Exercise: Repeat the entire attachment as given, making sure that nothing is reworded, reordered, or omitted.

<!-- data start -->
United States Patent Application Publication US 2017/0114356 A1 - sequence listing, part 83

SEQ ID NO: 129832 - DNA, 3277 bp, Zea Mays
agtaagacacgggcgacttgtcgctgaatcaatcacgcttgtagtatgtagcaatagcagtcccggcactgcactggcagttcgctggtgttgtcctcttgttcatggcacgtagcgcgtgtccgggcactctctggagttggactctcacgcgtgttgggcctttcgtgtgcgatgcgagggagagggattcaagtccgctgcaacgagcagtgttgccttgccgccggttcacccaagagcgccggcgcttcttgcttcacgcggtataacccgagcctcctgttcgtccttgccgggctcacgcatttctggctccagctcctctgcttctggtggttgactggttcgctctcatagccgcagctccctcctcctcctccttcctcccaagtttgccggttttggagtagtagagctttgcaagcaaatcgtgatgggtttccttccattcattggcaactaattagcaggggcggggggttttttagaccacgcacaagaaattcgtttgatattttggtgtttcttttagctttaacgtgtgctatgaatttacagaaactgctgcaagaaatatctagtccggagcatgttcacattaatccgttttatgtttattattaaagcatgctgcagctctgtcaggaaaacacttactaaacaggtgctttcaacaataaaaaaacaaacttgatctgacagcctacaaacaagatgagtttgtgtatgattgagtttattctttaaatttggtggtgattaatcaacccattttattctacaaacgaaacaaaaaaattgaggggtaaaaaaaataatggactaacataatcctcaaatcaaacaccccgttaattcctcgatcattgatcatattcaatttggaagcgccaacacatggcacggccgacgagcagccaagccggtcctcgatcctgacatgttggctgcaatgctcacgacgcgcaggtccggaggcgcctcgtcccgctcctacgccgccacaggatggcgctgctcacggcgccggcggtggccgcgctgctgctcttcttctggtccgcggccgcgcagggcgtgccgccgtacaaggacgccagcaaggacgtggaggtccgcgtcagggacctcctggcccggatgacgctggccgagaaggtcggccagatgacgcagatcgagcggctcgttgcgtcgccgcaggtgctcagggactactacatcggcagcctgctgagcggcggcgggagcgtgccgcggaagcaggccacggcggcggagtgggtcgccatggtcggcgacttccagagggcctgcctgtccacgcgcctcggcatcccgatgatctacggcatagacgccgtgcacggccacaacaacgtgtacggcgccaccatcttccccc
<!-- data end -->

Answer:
United States Patent Application Publication US 2017/0114356 A1 - sequence listing, part 83

SEQ ID NO: 129832 - DNA, 3277 bp, Zea Mays
agtaagacacgggcgacttgtcgctgaatcaatcacgcttgtagtatgtagcaatagcagtcccggcactgcactggcagttcgctggtgttgtcctcttgttcatggcacgtagcgcgtgtccgggcactctctggagttggactctcacgcgtgttgggcctttcgtgtgcgatgcgagggagagggattcaagtccgctgcaacgagcagtgttgccttgccgccggttcacccaagagcgccggcgcttcttgcttcacgcggtataacccgagcctcctgttcgtccttgccgggctcacgcatttctggctccagctcctctgcttctggtggttgactggttcgctctcatagccgcagctccctcctcctcctccttcctcccaagtttgccggttttggagtagtagagctttgcaagcaaatcgtgatgggtttccttccattcattggcaactaattagcaggggcggggggttttttagaccacgcacaagaaattcgtttgatattttggtgtttcttttagctttaacgtgtgctatgaatttacagaaactgctgcaagaaatatctagtccggagcatgttcacattaatccgttttatgtttattattaaagcatgctgcagctctgtcaggaaaacacttactaaacaggtgctttcaacaataaaaaaacaaacttgatctgacagcctacaaacaagatgagtttgtgtatgattgagtttattctttaaatttggtggtgattaatcaacccattttattctacaaacgaaacaaaaaaattgaggggtaaaaaaaataatggactaacataatcctcaaatcaaacaccccgttaattcctcgatcattgatcatattcaatttggaagcgccaacacatggcacggccgacgagcagccaagccggtcctcgatcctgacatgttggctgcaatgctcacgacgcgcaggtccggaggcgcctcgtcccgctcctacgccgccacaggatggcgctgctcacggcgccggcggtggccgcgctgctgctcttcttctggtccgcggccgcgcagggcgtgccgccgtacaaggacgccagcaaggacgtggaggtccgcgtcagggacctcctggcccggatgacgctggccgagaaggtcggccagatgacgcagatcgagcggctcgttgcgtcgccgcaggtgctcagggactactacatcggcagcctgctgagcggcggcgggagcgtgccgcggaagcaggccacggcggcggagtgggtcgccatggtcggcgacttccagagggcctgcctgtccacgcgcctcggcatcccgatgatctacggcatagacgccgtgcacggccacaacaacgtgtacggcgccaccatcttccccc